An increase in meetings is expected during this type of transition, there is a newly formed team, new projects, and new ideas, and since everyone works remotely, an increase in the number of meetings makes sense. We all need to be “on the same page.”

I have shared my feelings about meetings in the past, and my opinion is that meetings are essential, but they can be a total waste of time if we are not careful about how to spend our time in these meetings. Having a good meeting is not easy.

The new team at work is great, but it will take time to adjust to the new way of working, thinking, etc. It’s fine. Change is almost always good.

Meetings are needed, but they can be easily abused, and if this happens, everyone’s productivity is affected. Having all meetings online hasn’t helped the issue. If anything, it has made things much worse. People get distracted by other participants’ videos, sound issues, screen-sharing issues, and just now knowing the video tool enough to be proficient with it. All that, in addition to the issues of meetings in general.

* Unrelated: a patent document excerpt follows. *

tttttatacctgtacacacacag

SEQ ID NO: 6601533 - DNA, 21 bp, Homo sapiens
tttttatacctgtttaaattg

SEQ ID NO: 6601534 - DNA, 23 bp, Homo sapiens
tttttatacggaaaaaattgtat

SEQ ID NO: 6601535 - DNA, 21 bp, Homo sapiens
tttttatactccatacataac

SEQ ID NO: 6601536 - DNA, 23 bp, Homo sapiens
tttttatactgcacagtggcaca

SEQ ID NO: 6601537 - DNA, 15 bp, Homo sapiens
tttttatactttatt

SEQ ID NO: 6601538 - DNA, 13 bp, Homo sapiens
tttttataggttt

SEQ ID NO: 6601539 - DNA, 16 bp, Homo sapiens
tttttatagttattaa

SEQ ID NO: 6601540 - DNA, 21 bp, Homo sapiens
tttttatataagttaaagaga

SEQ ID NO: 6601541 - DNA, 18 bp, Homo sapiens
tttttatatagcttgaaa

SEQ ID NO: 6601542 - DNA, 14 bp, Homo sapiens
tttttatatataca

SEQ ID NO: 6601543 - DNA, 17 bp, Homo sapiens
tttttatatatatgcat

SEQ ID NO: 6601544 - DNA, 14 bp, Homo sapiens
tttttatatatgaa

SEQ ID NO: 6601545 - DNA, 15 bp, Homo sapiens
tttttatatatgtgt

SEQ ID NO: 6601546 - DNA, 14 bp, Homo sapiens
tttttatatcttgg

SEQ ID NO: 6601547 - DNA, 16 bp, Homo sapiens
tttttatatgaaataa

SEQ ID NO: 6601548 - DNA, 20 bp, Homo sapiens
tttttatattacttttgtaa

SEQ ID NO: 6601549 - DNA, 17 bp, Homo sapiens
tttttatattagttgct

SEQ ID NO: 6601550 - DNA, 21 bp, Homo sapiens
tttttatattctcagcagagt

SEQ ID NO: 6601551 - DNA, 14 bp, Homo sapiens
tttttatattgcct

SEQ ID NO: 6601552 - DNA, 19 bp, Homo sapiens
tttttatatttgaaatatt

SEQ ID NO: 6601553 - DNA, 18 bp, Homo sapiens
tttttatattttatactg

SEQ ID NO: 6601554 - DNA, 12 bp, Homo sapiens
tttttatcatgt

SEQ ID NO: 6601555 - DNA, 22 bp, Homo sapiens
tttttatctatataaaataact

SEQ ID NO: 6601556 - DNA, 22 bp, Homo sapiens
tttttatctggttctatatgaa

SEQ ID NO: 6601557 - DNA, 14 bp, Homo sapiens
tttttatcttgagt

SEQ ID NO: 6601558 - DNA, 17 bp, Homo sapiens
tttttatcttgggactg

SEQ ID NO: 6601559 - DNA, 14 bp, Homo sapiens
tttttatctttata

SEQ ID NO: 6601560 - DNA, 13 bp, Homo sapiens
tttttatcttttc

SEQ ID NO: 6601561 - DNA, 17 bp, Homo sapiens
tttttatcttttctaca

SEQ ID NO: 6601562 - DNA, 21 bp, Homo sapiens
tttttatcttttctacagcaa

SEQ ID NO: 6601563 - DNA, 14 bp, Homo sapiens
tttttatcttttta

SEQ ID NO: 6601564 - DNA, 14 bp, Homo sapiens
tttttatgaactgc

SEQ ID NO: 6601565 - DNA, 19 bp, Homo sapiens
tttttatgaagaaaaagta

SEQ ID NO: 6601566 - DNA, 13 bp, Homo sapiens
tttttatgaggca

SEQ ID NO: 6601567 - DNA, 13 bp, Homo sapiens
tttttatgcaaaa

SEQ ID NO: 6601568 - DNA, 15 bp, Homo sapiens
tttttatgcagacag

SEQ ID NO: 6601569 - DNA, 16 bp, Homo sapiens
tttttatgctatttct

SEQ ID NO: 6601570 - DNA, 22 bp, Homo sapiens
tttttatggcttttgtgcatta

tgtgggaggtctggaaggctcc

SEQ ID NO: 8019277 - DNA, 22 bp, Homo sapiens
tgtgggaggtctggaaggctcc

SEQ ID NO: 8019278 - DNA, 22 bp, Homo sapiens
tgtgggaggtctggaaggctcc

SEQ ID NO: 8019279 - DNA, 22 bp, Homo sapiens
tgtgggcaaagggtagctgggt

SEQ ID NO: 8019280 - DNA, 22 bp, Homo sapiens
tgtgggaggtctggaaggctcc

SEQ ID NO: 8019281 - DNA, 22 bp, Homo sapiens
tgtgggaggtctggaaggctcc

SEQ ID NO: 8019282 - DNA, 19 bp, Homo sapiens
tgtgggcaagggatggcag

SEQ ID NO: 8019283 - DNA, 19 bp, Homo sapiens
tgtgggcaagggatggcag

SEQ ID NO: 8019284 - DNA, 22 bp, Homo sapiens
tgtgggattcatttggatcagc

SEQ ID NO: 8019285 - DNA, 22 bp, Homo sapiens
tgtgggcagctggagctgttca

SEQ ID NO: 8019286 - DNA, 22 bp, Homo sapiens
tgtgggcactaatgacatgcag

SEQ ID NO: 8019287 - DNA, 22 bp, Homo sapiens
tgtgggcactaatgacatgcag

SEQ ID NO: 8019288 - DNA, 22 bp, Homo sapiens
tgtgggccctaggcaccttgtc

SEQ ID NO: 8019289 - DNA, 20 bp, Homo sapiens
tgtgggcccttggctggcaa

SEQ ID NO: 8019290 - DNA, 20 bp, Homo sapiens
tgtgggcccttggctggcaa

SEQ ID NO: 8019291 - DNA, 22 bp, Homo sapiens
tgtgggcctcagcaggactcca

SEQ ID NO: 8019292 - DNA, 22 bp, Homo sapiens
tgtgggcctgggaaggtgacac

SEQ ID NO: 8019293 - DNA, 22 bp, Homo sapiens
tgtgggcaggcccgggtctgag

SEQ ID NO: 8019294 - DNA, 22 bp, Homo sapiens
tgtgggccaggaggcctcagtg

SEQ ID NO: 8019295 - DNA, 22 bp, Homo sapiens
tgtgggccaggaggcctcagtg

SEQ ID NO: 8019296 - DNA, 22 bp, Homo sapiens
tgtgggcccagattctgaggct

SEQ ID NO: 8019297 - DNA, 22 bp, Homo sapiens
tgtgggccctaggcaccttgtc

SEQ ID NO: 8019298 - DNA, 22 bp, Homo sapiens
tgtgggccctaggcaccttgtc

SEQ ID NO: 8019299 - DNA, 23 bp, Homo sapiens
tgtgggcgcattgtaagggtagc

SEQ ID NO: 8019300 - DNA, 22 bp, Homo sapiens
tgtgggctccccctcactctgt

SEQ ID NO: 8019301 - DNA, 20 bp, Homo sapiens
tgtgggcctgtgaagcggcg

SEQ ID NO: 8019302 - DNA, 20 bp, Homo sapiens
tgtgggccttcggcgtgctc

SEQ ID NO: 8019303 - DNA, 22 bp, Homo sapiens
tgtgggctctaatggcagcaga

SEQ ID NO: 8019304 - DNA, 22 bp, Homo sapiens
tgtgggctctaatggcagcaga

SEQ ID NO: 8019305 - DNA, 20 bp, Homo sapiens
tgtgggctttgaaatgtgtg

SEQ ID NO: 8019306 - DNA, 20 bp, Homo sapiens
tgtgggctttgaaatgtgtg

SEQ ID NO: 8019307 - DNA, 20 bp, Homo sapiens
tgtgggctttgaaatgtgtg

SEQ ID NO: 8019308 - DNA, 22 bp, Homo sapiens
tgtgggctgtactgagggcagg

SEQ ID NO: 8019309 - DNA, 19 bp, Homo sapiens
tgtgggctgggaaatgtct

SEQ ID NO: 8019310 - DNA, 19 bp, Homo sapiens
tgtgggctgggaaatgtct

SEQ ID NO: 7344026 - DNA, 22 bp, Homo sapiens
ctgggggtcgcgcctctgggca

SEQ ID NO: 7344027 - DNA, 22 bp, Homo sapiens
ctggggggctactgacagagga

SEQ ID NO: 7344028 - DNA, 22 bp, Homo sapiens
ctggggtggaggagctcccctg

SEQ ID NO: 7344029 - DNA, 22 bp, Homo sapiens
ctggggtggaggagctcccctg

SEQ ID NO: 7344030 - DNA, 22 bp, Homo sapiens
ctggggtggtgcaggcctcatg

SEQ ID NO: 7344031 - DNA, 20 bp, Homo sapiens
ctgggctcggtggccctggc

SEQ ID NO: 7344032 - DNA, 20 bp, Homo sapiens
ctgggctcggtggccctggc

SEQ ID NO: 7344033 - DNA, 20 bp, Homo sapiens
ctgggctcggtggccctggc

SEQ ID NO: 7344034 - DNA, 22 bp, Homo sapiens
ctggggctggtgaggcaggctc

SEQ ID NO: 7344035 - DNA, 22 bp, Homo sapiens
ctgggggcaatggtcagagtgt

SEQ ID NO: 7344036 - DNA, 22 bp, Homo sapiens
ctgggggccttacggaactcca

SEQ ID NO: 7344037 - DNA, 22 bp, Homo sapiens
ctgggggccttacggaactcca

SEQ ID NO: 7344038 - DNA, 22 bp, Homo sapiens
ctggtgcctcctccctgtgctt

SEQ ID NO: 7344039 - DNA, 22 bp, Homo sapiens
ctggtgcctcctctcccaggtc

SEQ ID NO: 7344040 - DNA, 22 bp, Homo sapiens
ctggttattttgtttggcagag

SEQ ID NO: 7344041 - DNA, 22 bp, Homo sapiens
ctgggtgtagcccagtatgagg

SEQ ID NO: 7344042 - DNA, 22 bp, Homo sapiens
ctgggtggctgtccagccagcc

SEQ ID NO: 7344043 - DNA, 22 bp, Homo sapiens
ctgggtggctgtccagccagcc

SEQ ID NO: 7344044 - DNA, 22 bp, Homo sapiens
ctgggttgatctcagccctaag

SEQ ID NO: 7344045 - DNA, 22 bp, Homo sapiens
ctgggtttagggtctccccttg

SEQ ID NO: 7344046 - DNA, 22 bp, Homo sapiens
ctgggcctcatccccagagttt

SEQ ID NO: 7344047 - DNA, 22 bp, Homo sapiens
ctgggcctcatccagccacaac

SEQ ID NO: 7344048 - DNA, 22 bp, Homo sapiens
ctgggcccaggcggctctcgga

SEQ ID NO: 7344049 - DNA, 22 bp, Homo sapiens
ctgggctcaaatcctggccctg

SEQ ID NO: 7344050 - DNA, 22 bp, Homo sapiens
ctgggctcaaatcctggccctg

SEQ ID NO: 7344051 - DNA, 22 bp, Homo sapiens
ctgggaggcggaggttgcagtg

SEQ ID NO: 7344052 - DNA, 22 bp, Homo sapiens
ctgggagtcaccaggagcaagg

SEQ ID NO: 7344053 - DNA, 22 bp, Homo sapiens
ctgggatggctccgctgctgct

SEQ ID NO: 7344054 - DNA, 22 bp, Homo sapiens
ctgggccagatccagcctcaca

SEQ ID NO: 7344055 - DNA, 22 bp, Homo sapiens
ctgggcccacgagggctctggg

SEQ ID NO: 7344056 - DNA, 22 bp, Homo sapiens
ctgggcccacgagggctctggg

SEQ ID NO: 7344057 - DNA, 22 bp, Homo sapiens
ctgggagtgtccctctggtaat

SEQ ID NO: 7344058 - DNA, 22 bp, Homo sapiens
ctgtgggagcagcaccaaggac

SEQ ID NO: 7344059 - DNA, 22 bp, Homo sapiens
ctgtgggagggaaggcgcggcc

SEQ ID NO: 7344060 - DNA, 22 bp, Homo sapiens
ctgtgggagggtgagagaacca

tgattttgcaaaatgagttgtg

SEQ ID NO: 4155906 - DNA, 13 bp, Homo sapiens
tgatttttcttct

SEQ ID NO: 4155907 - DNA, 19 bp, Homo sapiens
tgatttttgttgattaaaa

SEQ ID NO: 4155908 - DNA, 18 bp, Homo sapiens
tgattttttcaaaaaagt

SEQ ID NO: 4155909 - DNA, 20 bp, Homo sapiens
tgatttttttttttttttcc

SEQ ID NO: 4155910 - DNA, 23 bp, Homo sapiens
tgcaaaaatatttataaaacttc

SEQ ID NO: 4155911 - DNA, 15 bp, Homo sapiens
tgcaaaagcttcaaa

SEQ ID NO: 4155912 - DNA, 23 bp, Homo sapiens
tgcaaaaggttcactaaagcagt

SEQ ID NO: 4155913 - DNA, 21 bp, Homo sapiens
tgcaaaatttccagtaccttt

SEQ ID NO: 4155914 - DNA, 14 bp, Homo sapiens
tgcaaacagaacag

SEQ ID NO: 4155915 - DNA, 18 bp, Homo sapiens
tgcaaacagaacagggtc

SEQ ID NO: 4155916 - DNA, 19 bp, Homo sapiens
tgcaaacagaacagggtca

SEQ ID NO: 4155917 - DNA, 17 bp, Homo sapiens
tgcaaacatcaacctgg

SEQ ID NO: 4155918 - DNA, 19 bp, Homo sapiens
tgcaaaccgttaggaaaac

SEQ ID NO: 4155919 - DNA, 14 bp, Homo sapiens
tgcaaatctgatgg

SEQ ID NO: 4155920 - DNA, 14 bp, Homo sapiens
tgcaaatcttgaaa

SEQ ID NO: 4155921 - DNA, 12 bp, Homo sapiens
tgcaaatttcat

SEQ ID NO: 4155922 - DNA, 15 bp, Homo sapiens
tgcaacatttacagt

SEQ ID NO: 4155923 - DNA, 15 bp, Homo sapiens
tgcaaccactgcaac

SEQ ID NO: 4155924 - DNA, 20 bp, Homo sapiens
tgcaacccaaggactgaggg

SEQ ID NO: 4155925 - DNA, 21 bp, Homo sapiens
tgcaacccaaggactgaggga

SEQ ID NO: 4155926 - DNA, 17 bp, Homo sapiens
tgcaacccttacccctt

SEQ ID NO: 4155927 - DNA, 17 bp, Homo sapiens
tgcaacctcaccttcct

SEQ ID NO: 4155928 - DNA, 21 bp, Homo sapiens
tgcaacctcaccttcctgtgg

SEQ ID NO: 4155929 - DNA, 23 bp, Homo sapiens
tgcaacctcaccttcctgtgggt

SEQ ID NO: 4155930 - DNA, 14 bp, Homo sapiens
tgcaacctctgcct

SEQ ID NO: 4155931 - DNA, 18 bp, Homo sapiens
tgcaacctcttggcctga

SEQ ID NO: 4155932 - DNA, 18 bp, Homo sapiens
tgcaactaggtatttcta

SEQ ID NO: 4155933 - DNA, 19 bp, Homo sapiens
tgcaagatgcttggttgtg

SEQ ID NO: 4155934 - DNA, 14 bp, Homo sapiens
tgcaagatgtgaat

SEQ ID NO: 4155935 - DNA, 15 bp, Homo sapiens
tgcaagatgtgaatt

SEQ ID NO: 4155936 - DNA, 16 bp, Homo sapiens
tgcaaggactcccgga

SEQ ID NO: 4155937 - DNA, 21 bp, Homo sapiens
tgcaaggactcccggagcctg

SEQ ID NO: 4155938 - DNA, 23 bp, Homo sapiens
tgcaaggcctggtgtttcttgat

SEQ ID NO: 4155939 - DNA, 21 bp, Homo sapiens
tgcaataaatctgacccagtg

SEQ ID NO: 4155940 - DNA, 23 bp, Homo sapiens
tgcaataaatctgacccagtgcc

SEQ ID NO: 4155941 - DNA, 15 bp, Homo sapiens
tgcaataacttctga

I am trying different things, staying quiet until my input is needed, not sharing my video, sharing it, acting as a moderator, and avoiding meetings when I believe my presence isn’t needed. Every time I am in a meeting, I try to stay focused and aware of the goal of the meeting – but this isn’t always easy!

Does anyone still work?

The day-in-the-life trend has taken over social media apps like YouTube and TikTok. This is nothing new. People sharing their day-in-the-life videos often show a very relaxed day in which they wake up, have a nice breakfast, have an easy commute to work, get some elaborated caffeinated drink before sitting at their desks, work for a few minutes, and then walk around campus, chatting with other people, getting what appears a free lunch, snacks, etc.

Then they show themselves back at their desks, going for a walk, a run, a yoga class, getting juice, another coffee, etc. The whole thing is extraordinary, and it is not what most people think of as work and not the work experience most people have, especially those watching these videos. But in reality, the work they are doing is the video itself, the content is the result of that work, it’s entertainment, and that is someone’s work.

While many people continue to admire and probably feel jealous about these videos, there are also many people now who are cynic and are calling them out, saying things like “does anyone work anymore?”, “We deserve a recession,” etc.